Monday, September 1, 2014

Astin Trew Concord Powered USB Cable System

Introduction



The Astin Trew Concord Powered USB Cable System (hereinafter referred to as the "Concord USB") consists of a high quality 5V power supply design based on the patented Never Connected circuit (as seen on Trichord Research and Michell Engineering products), and a cable of your choice to split the data and power lines. You can read more about the Never Connected Circuit at http://www.never-connected.com/concept.html

Two cable options are offered. The first option is a complete USB cable solution - the source end has two heads - one end plugs into your computer / streaming device, and the other end into the power supply box. The destination plug goes into the USB socket of your DAC. The second option consists of a USB B type plug with a piggy back female socket (to use your USB cable of choice), and a second cable to connect to the power supply.

According to Astin Trew, the Concord USB boosts performance to your computer music setup by supplying your DAC (for bus powered DACs), or the USB integrated circuit with a high quality power source. Astin Trew claims that about 80 % of DACs on the market should benefit.

The power supply box couldn't be simpler. An IEC socket permits use of detachable power cords, while a toggle switch switches the device on and off. The rear panel has a proprietary socket to supply the power to the USB cable. The front panel has a solitary LED to indicate power status.

I would really have liked the power supply to offer a USB Type A socket. This would allow the Concord USB to be used with the growing number of twin headed (with power and data lines separated) USB cables out there.


Sound Quality

I was supplied (at my request) with the piggy back USB cable in order for me to use my own USB cables. I tried the Concord USB with three different equipment, 1) an Antelope Zodiac Gold DAC,  2) a Bel Canto uLink USB/SPDIF convertor, and 3) a Resonessence Labs Herus DAC / headamp.

The Antelope has its own power supply, which also feeds its USB input circuit board. In fact, the Antelope is listed by Astin Trew in the supplied user manual as not being able to benefit from the Concord USB.

Notwithstanding Astin Trew's advice, the Antelope gained a small but easily discernible improvement with the Concord USB paired with my Wireworld Platinum Starlight USB cable.

"Live at Blues Alley" by Eva Cassidy is one of my favourite albums. With the Concord USB, the soundstage deepened, and the acoustics of the venue improved in the conveyed sense of air and liveliness. Eva's vocals came through in all it's glory - coupled with a subtle improvement in detail and authority. These improvements were also heard on a wide variety of material. Piano notes in particular, had tighter focus and better attack.

However, the real shocker came from switching off the Concord USB. The Antelope only needed momentary power to be supplied over the USB cable to establish handshaking. After that, power could be removed without incident. My system immediately moved up a notch in dynamics and energy. There was also an increase in top end air and decay. The soundstaging presentation moved a bit forward, which was not really my preferred perspective though.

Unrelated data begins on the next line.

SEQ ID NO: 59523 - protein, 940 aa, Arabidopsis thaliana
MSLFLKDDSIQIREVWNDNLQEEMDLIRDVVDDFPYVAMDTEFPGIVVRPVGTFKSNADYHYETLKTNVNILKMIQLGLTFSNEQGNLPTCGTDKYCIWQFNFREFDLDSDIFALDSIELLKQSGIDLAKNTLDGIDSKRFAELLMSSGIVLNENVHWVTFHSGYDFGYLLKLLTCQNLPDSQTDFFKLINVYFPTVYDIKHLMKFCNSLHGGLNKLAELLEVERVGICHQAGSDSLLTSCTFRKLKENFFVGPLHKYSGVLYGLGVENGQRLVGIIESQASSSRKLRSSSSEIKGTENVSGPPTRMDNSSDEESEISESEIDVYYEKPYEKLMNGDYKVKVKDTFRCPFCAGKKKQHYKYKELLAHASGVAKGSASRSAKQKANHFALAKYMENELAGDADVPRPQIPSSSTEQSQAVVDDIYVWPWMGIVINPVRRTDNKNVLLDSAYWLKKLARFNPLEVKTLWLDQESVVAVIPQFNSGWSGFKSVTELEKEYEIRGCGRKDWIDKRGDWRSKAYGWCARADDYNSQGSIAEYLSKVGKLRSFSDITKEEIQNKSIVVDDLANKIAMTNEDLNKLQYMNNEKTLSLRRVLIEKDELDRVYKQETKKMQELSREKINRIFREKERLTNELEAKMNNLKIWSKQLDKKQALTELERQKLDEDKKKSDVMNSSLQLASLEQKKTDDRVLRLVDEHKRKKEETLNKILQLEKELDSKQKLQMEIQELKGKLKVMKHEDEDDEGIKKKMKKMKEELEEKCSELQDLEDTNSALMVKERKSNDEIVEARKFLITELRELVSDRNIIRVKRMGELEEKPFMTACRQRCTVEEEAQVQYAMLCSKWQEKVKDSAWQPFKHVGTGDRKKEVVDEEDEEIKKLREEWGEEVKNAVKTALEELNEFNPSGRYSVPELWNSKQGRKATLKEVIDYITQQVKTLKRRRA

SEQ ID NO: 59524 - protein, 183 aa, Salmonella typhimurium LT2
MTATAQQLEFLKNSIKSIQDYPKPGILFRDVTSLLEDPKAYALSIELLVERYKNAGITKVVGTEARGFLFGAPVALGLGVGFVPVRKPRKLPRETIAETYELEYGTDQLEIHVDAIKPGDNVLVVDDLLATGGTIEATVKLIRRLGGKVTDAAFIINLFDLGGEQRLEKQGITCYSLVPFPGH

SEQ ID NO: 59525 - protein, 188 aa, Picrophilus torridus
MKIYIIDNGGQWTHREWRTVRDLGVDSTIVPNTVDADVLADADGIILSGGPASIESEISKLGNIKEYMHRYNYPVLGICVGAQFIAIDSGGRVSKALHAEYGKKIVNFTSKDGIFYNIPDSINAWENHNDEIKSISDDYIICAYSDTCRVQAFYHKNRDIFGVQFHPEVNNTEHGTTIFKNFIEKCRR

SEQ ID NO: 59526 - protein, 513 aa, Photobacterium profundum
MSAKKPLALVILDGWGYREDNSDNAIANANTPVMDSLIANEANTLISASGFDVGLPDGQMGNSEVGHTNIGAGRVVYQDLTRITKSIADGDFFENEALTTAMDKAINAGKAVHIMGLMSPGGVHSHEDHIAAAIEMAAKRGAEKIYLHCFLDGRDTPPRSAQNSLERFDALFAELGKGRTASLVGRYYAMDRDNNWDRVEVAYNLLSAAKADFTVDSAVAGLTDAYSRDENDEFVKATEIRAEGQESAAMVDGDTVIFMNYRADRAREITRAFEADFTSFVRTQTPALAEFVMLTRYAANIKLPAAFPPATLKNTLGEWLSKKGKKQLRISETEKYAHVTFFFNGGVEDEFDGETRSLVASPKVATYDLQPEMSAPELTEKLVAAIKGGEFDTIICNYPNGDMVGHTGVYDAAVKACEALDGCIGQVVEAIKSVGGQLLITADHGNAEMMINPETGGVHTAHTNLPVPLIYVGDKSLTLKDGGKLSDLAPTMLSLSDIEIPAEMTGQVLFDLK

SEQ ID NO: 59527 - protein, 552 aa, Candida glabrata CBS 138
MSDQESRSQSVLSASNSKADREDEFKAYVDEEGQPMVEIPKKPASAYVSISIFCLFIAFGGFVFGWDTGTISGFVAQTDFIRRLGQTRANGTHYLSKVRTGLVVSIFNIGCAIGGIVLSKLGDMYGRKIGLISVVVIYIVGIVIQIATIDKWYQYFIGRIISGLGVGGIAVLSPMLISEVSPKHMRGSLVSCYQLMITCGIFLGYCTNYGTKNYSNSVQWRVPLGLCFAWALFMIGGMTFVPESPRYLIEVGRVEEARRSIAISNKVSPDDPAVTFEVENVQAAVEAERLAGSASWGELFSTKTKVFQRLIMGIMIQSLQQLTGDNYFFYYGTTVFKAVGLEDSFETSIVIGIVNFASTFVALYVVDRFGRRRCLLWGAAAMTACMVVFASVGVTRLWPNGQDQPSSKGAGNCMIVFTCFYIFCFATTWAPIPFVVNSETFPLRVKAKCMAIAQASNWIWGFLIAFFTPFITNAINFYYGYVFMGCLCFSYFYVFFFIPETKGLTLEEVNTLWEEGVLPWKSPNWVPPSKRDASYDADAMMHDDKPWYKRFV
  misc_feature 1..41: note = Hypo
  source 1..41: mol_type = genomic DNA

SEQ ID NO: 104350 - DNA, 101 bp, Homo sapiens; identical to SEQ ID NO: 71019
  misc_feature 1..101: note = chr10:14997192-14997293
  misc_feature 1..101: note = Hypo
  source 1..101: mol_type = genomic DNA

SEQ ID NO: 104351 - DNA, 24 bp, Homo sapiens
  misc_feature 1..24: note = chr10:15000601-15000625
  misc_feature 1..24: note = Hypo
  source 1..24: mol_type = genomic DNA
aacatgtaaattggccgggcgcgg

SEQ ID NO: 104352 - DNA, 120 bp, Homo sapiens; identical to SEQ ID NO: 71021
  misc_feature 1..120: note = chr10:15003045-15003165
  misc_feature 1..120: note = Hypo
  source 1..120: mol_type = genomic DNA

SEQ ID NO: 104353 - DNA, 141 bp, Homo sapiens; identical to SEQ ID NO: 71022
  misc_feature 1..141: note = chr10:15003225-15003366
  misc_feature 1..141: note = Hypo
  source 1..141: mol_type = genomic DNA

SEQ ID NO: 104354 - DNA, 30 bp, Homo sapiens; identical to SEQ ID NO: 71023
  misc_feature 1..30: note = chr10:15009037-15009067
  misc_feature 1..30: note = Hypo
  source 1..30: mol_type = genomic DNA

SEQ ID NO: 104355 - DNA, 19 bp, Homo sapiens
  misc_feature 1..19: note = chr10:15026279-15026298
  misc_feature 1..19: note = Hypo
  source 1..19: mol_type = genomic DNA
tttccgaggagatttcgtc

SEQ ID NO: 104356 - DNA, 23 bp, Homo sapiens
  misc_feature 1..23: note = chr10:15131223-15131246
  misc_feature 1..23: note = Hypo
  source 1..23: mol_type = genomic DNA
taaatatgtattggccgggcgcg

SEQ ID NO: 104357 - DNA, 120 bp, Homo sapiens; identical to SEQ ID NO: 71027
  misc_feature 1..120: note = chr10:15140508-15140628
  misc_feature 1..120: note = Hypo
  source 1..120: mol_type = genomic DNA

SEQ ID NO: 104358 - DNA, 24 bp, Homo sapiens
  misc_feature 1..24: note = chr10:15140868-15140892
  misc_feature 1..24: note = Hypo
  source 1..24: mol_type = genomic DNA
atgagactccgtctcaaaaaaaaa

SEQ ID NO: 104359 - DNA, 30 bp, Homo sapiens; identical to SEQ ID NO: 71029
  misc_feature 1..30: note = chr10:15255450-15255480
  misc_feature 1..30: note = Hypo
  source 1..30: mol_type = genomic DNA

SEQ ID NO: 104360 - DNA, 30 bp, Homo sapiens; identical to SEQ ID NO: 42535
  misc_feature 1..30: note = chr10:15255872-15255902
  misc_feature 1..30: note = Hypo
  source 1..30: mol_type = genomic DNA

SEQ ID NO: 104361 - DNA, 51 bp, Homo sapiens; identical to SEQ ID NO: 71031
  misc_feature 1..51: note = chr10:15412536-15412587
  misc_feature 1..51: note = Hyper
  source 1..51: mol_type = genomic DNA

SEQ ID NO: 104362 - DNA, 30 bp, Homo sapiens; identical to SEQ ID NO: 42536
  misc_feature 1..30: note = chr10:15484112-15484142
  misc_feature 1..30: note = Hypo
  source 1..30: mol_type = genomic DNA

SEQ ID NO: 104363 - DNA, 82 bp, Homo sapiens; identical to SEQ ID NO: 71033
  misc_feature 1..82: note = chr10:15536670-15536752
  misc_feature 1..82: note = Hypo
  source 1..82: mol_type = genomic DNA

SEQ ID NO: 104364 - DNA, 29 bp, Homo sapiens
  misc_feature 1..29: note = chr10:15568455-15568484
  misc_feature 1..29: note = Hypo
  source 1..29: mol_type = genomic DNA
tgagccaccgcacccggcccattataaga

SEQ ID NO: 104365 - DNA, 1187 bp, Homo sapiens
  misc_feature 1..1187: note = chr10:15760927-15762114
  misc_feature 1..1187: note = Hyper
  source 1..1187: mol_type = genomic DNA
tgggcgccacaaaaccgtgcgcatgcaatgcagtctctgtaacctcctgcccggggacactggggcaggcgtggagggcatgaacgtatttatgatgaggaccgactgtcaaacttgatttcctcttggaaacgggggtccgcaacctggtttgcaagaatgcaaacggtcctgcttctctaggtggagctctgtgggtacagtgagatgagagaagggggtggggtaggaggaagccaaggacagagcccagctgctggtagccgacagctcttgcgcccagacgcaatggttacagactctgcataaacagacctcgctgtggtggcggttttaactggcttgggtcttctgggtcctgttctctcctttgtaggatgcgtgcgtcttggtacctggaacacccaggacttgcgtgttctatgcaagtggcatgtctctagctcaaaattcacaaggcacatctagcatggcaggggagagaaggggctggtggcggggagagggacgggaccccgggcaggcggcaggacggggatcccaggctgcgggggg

Moving on, the Bel Canto and Resonessence Labs both draw their power from the computer. Would both benefit greatly from the Concord USB ? I was especially interested in how the Bel Canto would fare. Bel Canto claims that the uLink filters the noisy computer supplied power with L-C filters and multiple dedicated supplies.

The Resonessence offered only slight benefits in utilising the Concord USB. You could argue that there was a slight lift in transparency and dynamics. Truth be told, the differences were quite subtle.

The Bel Canto turned out to be a wholly different story. Going back to "Live at the Blues Alley", the soundstaging deepened considerably. Eva took on a warmer and less harsh tone, and there was an impressive improvement in the system's ability to convey the details and texture of her voice. Notwithstanding its power filtering stages, the performance of the Bel Canto was lifted to such a great degree that I could not help but wonder - would the paired combo would be able to outperform Bel Canto's REFLink, its top model USB / SPDIF convertor ? Then again, the REFLink is cheaper if you factor in the additional cost of the Concord USB.

Conclusion

The Concord USB shone most on bus powered devices. It was a pity that I did not have other USB powered devices to try, especially a device that would have justified the Concord USB's cost.

The benefits with self powered devices were on a more subtle yet discernable level. Ironically, in the case with my Antelope DAC, the best results came from powering down the Concord USB, which suggests that the most benefit was obtained by simply stripping out the bus power. In that respect, I would have loved to see Astin Trew offer their cable for sale separately, terminated with either a DC plug or USB Type A plug for maximum compatibility.

From a value perspective, the Concord USB is undeniably expensive. There are a number of other competing products on the market that offer similar solutions at significantly lower cost. Nevertheless, the Concord USB is still worth investigating. Especially so if your system cost justifies it, or you are seeking to squeeze the very last ounce of performance of your USB DAC.

The Concord USB Cable System costs SGD 1,400 and is available locally from :-

Sky Audio
Block 621, Bukit Batok Central
#20-516
Singapore 650621
 http://www.skyaudio.net/

A word of thanks goes out to Steve Sai of Sky Audio for supplying the review set.

1 comment:

Harry said...

The destination plug goes into the USB socket of your DAC. The second option consists of a USB B type plug with a piggy back female socket ... usboutlet.blogspot.com